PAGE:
BRUSSELS — Greece will not receive its next tranche of bailout aid unless it continues the implementation of economic reforms demanded by its international creditors, a European Union official warned Friday.
"There will be no disbursement until the Eurogroup (of finance ministers) has determined that the programme is back on track," said the official, who spoke on condition of anonymity.
Eurozone and European Union finance ministers meet Monday to follow up on a summit last week that was presented as a breakthrough in tackling the debt crisis.
The official said no decision on aid to Greece was expected before the end of August.
Likewise, no immediate decision is expected for Cyprus, which has requested financial help for its struggling banks, hit badly by the problems in Greece.
Monday's meeting will be "a first exchange of views on what the intentions of the Greek government are," the official said.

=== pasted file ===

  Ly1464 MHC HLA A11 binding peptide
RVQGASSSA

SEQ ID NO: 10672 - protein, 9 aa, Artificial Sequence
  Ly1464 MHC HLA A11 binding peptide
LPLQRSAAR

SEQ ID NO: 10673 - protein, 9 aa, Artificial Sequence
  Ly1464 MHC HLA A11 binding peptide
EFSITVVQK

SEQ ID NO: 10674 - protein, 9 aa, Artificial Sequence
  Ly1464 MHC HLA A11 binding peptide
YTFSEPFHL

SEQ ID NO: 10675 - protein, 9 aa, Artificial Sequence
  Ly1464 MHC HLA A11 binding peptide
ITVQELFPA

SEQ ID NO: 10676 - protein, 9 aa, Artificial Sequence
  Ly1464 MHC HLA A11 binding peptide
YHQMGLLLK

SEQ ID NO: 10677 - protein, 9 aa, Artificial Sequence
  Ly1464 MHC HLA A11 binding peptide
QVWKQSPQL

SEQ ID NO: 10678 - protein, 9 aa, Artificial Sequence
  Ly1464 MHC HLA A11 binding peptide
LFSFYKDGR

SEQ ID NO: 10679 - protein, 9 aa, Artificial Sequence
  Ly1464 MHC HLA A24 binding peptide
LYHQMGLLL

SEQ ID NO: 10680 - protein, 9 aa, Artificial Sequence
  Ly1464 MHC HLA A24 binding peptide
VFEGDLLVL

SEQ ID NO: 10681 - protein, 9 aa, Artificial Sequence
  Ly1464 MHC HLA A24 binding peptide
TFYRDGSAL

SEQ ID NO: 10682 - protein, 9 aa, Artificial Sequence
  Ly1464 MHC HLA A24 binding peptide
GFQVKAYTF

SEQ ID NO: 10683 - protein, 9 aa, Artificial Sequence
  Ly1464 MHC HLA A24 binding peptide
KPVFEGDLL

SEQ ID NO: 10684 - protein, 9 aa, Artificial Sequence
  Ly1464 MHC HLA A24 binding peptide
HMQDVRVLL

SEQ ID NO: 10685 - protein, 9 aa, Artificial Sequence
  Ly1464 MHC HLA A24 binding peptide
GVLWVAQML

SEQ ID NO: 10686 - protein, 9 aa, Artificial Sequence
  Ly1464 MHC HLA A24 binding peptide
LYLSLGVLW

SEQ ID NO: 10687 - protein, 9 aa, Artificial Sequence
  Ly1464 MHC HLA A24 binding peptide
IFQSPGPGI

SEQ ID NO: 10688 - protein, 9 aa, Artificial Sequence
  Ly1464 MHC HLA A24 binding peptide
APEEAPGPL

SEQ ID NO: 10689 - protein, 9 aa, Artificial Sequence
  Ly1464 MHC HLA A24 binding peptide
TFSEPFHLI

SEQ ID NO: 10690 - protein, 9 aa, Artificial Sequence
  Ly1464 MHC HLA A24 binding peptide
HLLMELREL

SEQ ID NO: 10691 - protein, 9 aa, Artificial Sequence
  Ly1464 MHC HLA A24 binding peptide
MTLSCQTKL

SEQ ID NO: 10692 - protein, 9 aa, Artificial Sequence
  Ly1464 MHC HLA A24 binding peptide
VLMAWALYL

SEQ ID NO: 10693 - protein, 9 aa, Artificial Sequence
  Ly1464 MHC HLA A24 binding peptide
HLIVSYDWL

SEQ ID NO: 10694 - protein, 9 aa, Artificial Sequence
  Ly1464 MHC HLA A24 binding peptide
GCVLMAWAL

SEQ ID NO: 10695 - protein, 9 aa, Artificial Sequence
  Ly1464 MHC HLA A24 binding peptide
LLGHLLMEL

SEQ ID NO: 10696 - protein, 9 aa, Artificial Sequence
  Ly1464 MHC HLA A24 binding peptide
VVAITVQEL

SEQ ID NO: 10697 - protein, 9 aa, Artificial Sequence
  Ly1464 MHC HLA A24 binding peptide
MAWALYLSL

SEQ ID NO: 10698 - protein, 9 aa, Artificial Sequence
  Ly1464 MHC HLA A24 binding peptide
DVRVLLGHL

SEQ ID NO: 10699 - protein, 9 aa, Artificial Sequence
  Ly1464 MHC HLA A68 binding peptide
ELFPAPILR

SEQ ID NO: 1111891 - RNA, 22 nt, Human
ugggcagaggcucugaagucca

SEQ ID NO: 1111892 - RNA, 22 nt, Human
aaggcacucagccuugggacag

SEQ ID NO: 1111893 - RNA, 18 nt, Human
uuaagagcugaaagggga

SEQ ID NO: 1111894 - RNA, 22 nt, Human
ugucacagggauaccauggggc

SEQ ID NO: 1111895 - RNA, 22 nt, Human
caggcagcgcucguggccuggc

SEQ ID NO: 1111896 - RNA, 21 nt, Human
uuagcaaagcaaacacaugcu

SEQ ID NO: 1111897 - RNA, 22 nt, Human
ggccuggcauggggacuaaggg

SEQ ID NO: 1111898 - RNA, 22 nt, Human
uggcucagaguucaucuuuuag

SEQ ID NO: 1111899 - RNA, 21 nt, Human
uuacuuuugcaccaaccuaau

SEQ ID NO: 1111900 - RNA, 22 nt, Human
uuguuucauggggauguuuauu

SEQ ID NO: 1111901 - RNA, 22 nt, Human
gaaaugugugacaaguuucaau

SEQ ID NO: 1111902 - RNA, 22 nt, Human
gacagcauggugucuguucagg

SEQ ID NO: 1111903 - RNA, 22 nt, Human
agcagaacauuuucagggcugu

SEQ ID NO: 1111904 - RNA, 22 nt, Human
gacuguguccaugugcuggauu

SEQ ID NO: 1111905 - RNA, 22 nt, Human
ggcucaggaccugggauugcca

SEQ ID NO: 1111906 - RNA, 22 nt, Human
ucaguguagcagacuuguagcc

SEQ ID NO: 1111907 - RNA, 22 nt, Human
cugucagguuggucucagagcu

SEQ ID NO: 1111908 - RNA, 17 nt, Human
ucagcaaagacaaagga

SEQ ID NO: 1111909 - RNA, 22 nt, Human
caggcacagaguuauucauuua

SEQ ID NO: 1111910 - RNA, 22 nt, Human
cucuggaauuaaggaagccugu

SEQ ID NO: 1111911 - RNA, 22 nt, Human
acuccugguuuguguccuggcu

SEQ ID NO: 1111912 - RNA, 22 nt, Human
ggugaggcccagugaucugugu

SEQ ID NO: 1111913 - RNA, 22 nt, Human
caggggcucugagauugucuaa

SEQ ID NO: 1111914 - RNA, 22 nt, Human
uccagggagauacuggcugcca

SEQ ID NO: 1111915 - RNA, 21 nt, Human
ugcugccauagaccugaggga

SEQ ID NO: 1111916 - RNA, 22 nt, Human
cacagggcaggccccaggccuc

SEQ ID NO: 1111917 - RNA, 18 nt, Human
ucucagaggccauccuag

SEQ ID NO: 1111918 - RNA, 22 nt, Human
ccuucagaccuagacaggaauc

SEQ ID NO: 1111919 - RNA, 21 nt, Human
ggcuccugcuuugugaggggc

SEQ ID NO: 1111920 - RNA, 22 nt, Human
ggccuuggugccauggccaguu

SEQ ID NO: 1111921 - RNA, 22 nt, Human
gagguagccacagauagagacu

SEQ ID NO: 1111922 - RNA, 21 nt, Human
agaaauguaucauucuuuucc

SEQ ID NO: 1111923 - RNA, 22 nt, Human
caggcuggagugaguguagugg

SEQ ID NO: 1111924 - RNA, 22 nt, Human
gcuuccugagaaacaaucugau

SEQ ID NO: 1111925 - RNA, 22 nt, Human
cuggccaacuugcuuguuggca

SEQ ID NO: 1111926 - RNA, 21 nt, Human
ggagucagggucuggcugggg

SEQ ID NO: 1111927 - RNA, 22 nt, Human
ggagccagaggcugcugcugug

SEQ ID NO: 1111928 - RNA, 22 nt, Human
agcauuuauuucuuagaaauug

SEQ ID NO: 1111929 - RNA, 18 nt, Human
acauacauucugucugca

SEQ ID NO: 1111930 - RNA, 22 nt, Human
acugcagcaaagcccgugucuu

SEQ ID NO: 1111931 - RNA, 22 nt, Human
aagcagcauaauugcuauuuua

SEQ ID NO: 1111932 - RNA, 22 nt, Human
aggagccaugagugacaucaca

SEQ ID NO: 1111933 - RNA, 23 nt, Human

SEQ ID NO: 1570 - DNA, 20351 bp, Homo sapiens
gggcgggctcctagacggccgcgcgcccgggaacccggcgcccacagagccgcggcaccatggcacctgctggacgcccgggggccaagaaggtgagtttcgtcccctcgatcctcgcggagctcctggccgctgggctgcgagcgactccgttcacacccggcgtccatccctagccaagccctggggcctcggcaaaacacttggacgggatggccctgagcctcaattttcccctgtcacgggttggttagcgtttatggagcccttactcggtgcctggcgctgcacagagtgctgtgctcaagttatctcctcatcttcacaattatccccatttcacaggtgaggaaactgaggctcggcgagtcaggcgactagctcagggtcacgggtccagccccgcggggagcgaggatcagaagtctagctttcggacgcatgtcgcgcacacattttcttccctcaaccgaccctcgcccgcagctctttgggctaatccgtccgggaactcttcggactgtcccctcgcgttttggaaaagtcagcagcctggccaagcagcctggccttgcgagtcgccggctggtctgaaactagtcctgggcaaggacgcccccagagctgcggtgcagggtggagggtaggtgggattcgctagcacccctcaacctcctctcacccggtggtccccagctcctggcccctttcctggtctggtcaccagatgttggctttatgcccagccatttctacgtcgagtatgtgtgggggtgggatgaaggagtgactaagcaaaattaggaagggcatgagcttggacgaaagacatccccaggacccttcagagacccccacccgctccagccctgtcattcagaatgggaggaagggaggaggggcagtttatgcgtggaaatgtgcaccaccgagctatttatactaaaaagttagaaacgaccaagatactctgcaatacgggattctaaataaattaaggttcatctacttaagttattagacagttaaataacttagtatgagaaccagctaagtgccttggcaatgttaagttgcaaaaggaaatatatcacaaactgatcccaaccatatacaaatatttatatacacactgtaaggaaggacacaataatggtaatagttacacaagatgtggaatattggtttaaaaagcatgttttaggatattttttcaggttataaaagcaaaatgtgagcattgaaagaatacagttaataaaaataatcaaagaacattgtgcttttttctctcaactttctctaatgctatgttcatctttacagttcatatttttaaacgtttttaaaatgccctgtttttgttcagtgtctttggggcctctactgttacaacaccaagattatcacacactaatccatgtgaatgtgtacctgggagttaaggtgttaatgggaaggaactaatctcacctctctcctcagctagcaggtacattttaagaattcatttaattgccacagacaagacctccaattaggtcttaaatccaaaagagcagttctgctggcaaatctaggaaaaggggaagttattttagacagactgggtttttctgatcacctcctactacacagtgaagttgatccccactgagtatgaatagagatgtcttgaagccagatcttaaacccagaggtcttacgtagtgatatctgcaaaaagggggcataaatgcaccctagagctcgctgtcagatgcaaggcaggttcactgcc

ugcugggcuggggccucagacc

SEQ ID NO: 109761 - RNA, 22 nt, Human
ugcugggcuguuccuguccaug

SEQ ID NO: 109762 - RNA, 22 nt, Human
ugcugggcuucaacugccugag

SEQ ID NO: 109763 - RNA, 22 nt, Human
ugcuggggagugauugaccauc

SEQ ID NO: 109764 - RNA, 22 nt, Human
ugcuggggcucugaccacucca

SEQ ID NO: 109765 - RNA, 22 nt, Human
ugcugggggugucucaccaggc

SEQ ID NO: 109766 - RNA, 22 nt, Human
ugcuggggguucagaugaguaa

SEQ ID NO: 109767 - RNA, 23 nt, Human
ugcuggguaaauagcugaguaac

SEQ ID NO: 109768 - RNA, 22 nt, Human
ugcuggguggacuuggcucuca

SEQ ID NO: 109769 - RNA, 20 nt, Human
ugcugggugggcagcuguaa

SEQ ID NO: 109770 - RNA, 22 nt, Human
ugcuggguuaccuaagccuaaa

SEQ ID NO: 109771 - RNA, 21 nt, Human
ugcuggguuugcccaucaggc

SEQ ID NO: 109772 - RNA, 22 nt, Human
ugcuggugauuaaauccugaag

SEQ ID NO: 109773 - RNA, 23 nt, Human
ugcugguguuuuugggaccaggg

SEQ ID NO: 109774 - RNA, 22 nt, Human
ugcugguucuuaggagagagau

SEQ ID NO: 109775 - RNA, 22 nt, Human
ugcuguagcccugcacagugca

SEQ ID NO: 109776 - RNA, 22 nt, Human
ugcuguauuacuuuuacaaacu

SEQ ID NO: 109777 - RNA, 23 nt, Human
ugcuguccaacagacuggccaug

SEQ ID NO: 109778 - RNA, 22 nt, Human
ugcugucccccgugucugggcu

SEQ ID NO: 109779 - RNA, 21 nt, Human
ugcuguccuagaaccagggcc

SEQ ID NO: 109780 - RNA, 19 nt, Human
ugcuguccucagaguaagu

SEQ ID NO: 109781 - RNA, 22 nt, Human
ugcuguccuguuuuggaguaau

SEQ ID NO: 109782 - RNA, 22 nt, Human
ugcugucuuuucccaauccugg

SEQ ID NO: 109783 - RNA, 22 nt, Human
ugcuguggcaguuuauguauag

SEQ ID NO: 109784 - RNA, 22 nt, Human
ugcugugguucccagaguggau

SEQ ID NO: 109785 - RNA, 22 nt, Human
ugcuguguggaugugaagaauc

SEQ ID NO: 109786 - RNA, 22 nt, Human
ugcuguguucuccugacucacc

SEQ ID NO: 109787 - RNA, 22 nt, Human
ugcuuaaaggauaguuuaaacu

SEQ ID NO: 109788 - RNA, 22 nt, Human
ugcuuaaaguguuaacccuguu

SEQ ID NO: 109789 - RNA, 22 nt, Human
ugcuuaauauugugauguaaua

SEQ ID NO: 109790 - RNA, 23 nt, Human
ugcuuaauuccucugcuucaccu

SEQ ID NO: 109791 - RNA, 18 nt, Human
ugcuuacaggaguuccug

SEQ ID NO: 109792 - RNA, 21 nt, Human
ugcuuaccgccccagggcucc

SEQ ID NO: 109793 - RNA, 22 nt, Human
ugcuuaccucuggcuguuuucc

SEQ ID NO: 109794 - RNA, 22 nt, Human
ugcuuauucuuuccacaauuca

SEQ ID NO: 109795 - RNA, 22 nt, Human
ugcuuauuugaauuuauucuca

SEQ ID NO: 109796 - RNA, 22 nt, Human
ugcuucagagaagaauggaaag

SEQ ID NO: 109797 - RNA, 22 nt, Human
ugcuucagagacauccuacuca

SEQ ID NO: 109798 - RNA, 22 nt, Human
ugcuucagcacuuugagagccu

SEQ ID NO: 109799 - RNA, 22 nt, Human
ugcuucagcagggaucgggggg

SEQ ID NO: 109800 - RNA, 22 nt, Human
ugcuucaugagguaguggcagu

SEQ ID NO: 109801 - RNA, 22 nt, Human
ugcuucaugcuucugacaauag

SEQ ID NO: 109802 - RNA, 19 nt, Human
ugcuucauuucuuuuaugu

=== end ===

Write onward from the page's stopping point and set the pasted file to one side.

Auditors from the EU, ECB and International Monetary Fund are in Athens this week to pick through Greece's books and assess the state of its reforms.
In return for reforms and austerity cuts, Greece has been granted international credit lifelines -- first for 110 billion euros in May 2010 and then for 130 billion euros late last year, plus a 107-billion-euro private debt write-off.
Finance Minister Yannis Stournaras has said Greece's recovery programme is "off-track in certain areas" after two elections in two months, and that Greece still faces "difficult years ahead."
"Being off-track is no drama per se," the EU official said. "But you've got to catch up.
"The way of getting there is subject to discussion," he added.
The fact that no decision would be taken before the end of August could pose a problem for Athens.
To meet its financial deadlines, Greece needs at least part of its planned aid, amounting to 31.5 billion euros, to be paid by August 20.
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